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Weldon Library architectural model from 1967

THE ARCHITECTURAL MODEL ILLUSTRATES THE STEPPED FORM, AXIAL PLAN, DIAGONAL GEOMETRY, COLUMNAR CORNER TOWERS, AND SKYLIGHTS OF THE “NEW MAIN LIBRARY” (RONALD E. MURPHY ARCHITECT AND JOHN ANDREWS ARCHITECTS, C. 1967), UNIVERSITY OF WESTERN ONTARIO, LONDON. | AFC 399-7, WESTERN ARCHIVES, WESTERN UNIVERSITY.

What comes to mind when you read the word Brutalism? Is it massive structures with strong geometric angles? Maybe you picture minimalist buildings that feature raw concrete and exposed pipes and conduits? On the whole, Brutalism is an architectural style that invokes many a feeling – and it’s the style at the heart of Weldon Library.

Brutalism: A Very Brief Overview

Brutalism emerged out of the post-war reconstruction of the 1950s. Steeped in the modernist tradition of architecture, and the underlying principle that form follows function, Brutalism sought a reclamation of public space. Contrary to the popular belief that the style is defined by its materiality, primarily the use of raw concrete (or béton brut), Brutalism is rooted in a much richer architectural ethic.

Oli Mould (2017), for example, argues that the Brutalist tradition was guided by three fundamental values: to celebrate “…the power of the image, [the] clear and transparent exhibition of structure and the value of the materials ‘as found'” (p. 704). In other words, Brutalism wanted to peel away a building’s ornate and lavish finishings emblematic of the time to reveal and celebrate its structural core. While this may read like architectural rhetoric, the underlying goal was simple: create spaces that could be inhabited by everyone, without the fanfare. While this ethic can be applied to many public buildings, it perhaps especially well-suited to libraries. Rooted in the notion of intellectual freedom and diversity of thought, libraries embrace difference, and the beauty therein.

Brutalism and Weldon Library

Built between 1968 and 1972, Weldon Library represented a marked departure to the gothic architecture on campus. Architects Murphy and Andrews were chosen for the project and settled on a megastructure design rooted firmly in Brutalism. The decision to deviate from gothic design was certainly experimental but it also served a symbolic function: to establish the library as the heart or ‘hub’ of campus (James, 2019). Furthermore, a design was chosen that focused on the experience of the individual, with an eye towards human interaction.

Consider the original design of Weldon and the emphasis on the shared spaces of the ground and main floors. Visitors entered the library via a narrow tunnel that spills out into a large open area midway between the two levels. The main floor was the destination for visitors, with library reference, circulation, and the card catalogue, while the ground floor allowed for a more relaxed and quiet work environment. In both cases, the architecture was used to compliment a sense of belonging and shared use of space.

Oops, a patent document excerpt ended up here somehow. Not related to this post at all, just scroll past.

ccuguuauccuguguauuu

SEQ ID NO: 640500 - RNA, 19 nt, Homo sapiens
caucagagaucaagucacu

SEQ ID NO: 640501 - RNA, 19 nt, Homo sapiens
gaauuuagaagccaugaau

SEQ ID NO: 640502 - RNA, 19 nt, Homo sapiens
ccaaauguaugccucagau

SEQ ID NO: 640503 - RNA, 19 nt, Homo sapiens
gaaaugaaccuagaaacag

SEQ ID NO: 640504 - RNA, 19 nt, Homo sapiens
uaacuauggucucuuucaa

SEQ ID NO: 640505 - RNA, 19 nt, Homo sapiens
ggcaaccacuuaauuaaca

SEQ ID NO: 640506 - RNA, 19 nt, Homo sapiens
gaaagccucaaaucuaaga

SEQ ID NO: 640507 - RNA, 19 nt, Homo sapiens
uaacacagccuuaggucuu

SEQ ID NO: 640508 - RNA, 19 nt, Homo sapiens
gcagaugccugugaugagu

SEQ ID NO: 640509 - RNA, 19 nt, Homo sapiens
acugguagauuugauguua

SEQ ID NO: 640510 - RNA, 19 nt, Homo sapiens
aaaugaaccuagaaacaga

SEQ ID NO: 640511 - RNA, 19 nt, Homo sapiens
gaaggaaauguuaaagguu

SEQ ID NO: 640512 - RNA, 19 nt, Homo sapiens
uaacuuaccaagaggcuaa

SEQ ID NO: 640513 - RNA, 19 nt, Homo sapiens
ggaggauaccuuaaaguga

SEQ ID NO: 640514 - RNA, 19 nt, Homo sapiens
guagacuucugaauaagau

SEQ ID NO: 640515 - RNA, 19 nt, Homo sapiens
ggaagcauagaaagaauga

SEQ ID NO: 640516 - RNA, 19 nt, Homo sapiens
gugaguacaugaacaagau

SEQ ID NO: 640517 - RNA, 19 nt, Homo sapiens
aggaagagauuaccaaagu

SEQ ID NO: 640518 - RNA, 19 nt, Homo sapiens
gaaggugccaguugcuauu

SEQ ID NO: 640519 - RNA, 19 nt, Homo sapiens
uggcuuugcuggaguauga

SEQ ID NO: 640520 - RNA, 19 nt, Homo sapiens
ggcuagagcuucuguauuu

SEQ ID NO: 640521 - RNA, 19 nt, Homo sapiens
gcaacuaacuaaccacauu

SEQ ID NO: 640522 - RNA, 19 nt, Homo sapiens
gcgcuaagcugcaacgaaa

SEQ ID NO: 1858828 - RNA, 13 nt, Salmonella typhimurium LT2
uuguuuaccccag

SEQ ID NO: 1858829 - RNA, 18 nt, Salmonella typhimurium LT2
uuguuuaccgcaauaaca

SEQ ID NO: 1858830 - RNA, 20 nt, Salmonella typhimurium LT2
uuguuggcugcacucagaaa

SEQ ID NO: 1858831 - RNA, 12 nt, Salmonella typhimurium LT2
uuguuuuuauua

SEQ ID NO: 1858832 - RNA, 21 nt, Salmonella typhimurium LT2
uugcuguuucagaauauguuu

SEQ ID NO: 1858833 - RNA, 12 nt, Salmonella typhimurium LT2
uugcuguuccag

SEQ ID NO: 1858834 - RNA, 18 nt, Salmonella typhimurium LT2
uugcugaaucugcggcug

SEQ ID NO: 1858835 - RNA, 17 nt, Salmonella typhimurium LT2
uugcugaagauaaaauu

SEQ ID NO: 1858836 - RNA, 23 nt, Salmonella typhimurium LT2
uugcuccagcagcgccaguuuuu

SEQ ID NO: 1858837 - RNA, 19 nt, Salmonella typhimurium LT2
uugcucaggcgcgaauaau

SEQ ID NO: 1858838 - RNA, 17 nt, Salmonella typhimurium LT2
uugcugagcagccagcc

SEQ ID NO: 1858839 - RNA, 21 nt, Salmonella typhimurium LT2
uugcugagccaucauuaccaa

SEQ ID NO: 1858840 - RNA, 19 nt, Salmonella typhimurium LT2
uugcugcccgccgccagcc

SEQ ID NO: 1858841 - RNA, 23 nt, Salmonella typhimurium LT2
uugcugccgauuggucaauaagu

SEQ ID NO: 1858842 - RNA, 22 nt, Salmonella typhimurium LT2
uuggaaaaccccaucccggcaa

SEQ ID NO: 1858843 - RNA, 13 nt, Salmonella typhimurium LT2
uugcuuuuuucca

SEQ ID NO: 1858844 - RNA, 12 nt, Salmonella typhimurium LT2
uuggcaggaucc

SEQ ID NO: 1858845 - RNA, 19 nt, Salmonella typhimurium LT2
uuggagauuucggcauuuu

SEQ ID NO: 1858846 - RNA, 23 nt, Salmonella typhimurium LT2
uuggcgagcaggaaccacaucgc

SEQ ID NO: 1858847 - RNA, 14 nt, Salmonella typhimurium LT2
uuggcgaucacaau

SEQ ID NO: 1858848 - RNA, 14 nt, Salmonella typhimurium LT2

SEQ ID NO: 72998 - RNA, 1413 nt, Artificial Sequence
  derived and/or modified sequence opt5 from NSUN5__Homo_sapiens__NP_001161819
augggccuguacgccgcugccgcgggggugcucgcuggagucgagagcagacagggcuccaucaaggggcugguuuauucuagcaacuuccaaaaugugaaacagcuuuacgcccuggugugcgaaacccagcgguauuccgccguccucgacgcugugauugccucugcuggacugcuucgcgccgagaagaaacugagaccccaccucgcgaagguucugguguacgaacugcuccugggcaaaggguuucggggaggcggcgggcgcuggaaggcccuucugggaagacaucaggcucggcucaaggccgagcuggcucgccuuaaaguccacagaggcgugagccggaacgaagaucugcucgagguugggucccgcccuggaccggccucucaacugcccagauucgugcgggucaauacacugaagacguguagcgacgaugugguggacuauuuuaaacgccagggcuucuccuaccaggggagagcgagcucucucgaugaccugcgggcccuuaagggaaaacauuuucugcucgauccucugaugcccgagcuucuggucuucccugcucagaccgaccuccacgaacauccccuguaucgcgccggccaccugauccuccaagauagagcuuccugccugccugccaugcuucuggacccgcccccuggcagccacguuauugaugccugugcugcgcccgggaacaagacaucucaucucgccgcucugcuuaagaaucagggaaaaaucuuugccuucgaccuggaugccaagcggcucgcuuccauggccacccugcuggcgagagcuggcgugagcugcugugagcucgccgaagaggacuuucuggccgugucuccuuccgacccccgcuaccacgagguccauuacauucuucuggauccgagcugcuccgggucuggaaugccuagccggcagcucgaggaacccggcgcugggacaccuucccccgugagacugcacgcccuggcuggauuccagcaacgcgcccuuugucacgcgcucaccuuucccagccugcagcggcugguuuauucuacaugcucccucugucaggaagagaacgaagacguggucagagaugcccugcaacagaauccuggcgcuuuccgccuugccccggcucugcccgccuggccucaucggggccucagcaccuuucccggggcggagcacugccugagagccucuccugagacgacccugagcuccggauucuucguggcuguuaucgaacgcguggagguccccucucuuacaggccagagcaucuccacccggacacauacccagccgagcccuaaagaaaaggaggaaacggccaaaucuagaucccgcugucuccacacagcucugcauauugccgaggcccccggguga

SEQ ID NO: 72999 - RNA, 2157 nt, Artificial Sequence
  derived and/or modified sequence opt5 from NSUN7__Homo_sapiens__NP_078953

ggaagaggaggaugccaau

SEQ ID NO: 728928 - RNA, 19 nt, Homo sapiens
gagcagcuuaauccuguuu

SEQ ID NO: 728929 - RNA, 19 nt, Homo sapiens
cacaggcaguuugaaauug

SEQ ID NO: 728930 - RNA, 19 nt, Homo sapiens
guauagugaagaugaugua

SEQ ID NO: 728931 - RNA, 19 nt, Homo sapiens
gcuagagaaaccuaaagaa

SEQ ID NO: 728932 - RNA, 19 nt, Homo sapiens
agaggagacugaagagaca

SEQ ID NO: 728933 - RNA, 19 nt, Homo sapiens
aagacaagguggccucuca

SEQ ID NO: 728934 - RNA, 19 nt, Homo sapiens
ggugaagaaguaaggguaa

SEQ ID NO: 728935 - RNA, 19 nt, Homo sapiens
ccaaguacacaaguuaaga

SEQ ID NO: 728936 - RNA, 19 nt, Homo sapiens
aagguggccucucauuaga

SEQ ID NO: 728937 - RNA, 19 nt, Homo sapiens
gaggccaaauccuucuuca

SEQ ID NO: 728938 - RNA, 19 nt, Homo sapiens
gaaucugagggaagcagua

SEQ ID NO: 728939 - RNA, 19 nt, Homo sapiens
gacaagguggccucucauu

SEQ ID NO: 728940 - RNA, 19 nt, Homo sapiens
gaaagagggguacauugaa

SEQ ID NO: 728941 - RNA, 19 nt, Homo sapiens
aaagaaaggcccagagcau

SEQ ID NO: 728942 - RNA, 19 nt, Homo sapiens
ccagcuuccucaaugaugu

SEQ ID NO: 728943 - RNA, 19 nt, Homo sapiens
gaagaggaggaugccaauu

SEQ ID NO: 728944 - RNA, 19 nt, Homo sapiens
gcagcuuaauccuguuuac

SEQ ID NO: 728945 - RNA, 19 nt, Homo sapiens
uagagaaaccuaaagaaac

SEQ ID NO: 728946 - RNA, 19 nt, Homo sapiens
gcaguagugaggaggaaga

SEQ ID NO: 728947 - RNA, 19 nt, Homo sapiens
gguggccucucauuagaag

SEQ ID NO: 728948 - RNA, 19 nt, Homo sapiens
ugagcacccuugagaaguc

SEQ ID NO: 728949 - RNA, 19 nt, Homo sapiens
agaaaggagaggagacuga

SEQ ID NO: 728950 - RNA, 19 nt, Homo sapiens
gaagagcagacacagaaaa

Another interesting element of Weldon’s design was the explicit consideration for future expansion. Having found the ideal location, librarians and leadership wanted to be sure that they could expand as necessary. Murphy and Andrews included this in their plans and came up with a design that would allow for expansion in a phased approach. Each addition to the building would occur radially, culminating in a large orthogonal structure with three pentagonal lobes (James, 2019). While future expansion didn’t happen exactly as envisioned, Murphy and Andrews plans remain visionary.

Weldon has seen several space changes over the years and it’s about to enter yet another phase of design. Like previous iterations, though, current renovation work on this library not only preserves but embraces the Brutalist legacy of celebrating structure through a distinctly humanistic lens. It’s our utmost goal to respect Weldon’s architectural history and style, while we open up new, more intuitive routes through the building, putting the learning environments, services, and resources of the library on display.

 

References

Ashby, J. (2019). The D.B. Weldon Library by Andrews and Murphy: Modern Experiments in a Collegiate Gothic Campus. Journal of the Society for the Study of Architecture in Canada, 44(2), 21–40. https://doi.org/10.7202/1069482ar

Mould, O. (2017). Brutalism Redux: Relational Monumentality and the Urban Politics of Brutalist Architecture: Brutalism Redux. Antipode, 49(3), 701–720. https://doi.org/10.1111/anti.12306

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